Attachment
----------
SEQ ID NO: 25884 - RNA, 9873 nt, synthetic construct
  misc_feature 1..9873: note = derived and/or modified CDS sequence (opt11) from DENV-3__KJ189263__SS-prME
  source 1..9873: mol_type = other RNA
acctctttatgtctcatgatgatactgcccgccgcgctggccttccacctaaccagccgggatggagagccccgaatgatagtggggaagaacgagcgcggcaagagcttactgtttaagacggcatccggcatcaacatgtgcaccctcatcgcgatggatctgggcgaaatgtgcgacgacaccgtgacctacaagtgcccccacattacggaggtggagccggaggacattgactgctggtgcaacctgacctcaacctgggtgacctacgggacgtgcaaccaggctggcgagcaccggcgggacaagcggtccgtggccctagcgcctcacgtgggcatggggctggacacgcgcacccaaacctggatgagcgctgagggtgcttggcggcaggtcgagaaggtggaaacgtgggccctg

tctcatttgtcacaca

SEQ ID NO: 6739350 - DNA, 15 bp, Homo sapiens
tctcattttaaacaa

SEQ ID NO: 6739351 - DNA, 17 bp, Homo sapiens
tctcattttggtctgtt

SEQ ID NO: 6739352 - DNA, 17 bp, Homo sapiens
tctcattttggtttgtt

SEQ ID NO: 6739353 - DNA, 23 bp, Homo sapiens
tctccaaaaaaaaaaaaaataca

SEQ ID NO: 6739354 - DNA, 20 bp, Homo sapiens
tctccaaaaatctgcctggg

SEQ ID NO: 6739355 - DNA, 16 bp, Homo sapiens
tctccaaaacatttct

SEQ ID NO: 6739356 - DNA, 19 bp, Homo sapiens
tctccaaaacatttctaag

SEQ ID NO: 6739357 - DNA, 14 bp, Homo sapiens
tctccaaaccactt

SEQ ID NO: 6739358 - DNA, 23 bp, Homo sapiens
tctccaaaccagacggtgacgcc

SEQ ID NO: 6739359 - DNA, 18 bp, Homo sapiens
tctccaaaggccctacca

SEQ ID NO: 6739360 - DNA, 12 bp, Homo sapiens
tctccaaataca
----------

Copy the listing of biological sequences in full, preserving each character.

SEQ ID NO: 25884 - RNA, 9873 nt, synthetic construct
  misc_feature 1..9873: note = derived and/or modified CDS sequence (opt11) from DENV-3__KJ189263__SS-prME
  source 1..9873: mol_type = other RNA
acctctttatgtctcatgatgatactgcccgccgcgctggccttccacctaaccagccgggatggagagccccgaatgatagtggggaagaacgagcgcggcaagagcttactgtttaagacggcatccggcatcaacatgtgcaccctcatcgcgatggatctgggcgaaatgtgcgacgacaccgtgacctacaagtgcccccacattacggaggtggagccggaggacattgactgctggtgcaacctgacctcaacctgggtgacctacgggacgtgcaaccaggctggcgagcaccggcgggacaagcggtccgtggccctagcgcctcacgtgggcatggggctggacacgcgcacccaaacctggatgagcgctgagggtgcttggcggcaggtcgagaaggtggaaacgtgggccctg

tctcatttgtcacaca

SEQ ID NO: 6739350 - DNA, 15 bp, Homo sapiens
tctcattttaaacaa

SEQ ID NO: 6739351 - DNA, 17 bp, Homo sapiens
tctcattttggtctgtt

SEQ ID NO: 6739352 - DNA, 17 bp, Homo sapiens
tctcattttggtttgtt

SEQ ID NO: 6739353 - DNA, 23 bp, Homo sapiens
tctccaaaaaaaaaaaaaataca

SEQ ID NO: 6739354 - DNA, 20 bp, Homo sapiens
tctccaaaaatctgcctggg

SEQ ID NO: 6739355 - DNA, 16 bp, Homo sapiens
tctccaaaacatttct

SEQ ID NO: 6739356 - DNA, 19 bp, Homo sapiens
tctccaaaacatttctaag

SEQ ID NO: 6739357 - DNA, 14 bp, Homo sapiens
tctccaaaccactt

SEQ ID NO: 6739358 - DNA, 23 bp, Homo sapiens
tctccaaaccagacggtgacgcc

SEQ ID NO: 6739359 - DNA, 18 bp, Homo sapiens
tctccaaaggccctacca

SEQ ID NO: 6739360 - DNA, 12 bp, Homo sapiens
tctccaaataca